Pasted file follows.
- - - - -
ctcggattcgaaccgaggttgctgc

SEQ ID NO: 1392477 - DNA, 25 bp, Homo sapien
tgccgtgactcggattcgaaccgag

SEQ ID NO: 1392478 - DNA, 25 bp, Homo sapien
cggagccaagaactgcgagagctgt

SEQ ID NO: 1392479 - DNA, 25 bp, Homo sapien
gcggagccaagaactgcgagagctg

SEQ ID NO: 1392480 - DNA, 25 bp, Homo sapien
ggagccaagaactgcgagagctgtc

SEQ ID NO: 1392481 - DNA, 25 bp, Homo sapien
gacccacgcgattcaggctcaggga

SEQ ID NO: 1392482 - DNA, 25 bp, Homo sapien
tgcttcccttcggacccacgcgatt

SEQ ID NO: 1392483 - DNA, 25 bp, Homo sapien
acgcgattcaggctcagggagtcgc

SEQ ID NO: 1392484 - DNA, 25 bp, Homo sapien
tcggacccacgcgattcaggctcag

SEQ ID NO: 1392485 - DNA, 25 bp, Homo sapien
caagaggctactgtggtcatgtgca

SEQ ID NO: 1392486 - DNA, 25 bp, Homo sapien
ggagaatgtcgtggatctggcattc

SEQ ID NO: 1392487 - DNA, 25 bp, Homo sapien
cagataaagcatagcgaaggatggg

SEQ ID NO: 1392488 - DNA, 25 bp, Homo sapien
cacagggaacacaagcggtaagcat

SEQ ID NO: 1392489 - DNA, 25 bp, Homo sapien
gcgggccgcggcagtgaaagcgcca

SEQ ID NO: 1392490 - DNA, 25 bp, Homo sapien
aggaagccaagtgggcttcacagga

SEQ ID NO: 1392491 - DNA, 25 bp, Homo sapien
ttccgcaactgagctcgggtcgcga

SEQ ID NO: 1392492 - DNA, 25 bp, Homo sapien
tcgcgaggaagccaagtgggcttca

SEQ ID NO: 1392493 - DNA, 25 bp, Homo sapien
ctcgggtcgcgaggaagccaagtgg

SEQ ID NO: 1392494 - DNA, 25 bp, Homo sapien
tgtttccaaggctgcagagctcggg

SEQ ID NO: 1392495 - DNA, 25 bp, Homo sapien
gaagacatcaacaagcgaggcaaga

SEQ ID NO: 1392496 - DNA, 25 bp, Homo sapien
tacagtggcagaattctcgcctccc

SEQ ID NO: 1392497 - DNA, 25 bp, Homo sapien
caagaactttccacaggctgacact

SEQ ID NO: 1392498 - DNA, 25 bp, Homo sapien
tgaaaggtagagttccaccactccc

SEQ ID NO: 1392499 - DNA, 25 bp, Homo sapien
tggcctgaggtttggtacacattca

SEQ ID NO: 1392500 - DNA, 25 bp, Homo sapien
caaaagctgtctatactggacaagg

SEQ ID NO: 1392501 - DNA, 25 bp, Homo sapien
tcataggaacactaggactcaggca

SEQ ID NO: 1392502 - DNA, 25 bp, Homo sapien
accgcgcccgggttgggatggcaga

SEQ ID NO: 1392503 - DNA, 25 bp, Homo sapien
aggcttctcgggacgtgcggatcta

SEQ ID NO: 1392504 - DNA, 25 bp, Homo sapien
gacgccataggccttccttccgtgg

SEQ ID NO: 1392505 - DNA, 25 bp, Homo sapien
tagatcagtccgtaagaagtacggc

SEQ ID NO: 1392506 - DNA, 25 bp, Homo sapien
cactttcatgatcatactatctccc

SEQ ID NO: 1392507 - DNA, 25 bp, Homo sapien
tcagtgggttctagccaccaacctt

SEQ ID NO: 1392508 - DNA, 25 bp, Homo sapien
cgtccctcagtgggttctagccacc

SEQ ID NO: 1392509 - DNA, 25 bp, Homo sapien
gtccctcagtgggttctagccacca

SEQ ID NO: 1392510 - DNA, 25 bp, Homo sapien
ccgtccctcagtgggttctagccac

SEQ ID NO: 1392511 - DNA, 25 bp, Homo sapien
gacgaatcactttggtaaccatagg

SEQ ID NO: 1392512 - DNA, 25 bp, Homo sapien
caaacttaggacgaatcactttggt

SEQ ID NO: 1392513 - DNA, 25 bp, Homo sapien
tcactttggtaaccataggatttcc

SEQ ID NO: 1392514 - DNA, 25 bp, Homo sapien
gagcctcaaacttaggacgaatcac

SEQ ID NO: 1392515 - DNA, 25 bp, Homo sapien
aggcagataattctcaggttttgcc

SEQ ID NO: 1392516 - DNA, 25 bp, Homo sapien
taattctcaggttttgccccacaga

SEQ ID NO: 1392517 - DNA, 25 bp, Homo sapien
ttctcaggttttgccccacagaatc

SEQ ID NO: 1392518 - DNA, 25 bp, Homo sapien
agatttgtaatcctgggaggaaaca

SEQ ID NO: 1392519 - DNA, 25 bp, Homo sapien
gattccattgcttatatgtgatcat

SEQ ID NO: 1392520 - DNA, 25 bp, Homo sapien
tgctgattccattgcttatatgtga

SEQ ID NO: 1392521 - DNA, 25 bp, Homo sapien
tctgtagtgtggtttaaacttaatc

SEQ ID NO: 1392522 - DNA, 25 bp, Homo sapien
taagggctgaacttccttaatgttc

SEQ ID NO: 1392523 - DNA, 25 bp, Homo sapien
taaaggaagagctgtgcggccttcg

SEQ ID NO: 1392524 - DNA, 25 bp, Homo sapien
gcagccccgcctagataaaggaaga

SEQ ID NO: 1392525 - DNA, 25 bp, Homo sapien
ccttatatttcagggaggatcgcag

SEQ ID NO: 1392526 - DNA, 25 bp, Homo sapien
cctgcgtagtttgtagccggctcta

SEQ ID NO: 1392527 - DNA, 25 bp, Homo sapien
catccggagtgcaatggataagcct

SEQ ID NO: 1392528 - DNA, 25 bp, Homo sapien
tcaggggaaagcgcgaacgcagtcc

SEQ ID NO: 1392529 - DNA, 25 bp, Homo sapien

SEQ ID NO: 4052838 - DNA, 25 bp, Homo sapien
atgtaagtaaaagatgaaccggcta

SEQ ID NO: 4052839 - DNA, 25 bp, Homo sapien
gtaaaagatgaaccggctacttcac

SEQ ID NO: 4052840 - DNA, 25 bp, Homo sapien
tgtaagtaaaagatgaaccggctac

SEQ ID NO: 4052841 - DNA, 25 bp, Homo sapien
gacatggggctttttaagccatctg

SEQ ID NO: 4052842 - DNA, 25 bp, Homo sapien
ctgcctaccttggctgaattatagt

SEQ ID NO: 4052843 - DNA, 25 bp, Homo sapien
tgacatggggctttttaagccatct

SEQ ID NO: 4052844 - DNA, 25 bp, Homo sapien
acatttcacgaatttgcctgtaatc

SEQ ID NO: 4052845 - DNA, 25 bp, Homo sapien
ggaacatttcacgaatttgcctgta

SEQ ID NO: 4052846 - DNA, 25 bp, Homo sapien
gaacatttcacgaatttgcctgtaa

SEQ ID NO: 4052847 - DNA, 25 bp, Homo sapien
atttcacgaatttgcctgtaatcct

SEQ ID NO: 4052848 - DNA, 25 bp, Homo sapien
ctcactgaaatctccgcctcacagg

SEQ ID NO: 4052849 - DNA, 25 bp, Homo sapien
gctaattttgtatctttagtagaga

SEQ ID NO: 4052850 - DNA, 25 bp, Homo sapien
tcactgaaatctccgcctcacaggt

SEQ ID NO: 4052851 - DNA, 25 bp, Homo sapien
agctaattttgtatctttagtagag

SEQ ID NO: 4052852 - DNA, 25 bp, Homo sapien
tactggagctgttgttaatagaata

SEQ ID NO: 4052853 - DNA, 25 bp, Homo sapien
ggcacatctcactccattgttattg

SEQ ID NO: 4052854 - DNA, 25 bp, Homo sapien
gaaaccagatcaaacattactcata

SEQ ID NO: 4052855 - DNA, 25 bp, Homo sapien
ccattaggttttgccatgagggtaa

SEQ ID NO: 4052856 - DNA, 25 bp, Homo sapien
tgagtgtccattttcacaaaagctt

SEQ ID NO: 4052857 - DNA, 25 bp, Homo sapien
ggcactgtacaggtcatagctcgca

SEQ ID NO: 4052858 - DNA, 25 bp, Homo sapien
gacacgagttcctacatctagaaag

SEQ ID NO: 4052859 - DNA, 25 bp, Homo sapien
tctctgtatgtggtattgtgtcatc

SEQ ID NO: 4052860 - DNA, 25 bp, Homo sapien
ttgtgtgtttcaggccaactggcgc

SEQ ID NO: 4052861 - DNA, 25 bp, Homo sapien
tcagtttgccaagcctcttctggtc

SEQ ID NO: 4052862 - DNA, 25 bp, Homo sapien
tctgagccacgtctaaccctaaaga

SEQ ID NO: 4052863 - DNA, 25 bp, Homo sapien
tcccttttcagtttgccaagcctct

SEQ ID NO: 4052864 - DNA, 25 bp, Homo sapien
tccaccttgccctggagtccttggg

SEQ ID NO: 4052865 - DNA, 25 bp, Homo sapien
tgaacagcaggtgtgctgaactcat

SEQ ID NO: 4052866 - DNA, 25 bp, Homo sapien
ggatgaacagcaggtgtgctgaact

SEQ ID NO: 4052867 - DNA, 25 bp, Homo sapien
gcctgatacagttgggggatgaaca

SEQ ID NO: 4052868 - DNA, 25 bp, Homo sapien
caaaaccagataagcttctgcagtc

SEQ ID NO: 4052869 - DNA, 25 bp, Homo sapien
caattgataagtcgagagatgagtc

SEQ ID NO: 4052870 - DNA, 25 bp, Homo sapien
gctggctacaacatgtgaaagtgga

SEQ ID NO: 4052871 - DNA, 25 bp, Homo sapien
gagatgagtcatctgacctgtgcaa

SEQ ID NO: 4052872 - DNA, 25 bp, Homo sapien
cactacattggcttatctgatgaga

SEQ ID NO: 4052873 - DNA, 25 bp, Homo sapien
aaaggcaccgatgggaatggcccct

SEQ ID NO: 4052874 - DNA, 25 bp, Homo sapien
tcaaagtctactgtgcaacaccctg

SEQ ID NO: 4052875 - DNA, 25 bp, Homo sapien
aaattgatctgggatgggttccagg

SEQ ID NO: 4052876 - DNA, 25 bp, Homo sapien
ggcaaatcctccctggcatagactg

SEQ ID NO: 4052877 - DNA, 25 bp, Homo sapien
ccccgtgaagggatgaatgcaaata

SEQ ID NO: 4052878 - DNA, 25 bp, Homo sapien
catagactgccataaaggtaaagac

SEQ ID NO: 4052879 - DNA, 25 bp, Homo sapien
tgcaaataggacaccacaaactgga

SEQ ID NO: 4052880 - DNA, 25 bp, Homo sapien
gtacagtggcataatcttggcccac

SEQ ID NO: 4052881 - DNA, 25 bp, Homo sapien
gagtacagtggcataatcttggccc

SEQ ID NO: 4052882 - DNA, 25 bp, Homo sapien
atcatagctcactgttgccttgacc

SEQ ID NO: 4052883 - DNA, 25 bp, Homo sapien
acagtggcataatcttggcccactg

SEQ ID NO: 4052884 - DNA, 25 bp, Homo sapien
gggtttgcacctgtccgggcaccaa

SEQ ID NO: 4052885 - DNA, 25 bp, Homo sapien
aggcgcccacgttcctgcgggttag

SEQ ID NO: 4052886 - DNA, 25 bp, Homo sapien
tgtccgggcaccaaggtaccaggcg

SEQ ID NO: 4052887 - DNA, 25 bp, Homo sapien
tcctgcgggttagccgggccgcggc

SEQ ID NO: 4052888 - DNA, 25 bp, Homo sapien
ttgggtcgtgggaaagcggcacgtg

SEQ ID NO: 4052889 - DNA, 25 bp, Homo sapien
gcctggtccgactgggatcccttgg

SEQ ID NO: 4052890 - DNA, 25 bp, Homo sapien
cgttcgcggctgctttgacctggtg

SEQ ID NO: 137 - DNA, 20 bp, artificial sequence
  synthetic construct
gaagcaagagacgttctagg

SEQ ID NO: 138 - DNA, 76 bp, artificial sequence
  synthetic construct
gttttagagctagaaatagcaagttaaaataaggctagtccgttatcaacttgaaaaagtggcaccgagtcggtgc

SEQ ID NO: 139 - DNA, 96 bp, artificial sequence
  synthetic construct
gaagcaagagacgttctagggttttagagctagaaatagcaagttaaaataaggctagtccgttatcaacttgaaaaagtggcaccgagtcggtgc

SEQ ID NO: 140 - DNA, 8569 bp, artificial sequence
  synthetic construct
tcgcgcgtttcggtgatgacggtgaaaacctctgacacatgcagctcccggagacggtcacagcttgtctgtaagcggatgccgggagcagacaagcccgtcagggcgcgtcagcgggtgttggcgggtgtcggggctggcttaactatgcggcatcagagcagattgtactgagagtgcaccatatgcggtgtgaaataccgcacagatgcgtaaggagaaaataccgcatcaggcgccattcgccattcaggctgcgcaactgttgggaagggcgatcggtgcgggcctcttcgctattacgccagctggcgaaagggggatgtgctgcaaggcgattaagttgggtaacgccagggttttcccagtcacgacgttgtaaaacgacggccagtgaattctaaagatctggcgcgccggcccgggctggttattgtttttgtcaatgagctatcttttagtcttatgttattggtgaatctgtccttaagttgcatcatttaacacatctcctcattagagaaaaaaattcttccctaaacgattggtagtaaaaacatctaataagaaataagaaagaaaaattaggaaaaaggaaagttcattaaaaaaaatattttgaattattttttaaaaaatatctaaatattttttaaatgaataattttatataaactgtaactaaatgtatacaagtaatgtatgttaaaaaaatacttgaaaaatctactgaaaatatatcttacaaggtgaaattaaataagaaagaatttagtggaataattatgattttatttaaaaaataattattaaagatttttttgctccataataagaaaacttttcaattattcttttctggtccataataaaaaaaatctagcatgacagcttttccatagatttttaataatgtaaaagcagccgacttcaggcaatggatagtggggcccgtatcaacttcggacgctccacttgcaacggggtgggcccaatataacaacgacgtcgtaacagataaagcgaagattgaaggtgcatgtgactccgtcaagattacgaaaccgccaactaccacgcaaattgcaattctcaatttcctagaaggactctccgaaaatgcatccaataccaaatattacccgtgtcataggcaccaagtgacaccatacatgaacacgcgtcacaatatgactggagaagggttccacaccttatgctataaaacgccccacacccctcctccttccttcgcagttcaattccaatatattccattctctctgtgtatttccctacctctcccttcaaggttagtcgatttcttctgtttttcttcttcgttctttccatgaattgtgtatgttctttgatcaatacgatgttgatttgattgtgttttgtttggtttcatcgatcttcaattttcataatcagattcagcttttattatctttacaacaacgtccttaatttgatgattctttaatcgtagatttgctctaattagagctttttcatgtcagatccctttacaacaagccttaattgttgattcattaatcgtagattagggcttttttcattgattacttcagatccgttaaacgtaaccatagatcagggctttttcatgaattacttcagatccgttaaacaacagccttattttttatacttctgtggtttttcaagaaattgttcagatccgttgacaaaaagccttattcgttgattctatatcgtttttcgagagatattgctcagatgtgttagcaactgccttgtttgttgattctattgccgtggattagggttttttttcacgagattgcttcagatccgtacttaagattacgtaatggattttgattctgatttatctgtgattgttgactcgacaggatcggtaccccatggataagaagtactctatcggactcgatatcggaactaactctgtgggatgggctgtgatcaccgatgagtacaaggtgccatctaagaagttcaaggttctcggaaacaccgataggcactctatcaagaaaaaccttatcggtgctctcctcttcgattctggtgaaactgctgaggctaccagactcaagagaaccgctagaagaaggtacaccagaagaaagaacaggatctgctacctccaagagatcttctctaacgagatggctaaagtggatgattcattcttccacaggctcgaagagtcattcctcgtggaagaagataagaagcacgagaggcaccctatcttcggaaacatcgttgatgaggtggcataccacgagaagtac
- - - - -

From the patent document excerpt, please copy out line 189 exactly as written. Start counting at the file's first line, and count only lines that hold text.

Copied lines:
SEQ ID NO: 4052879 - DNA, 25 bp, Homo sapien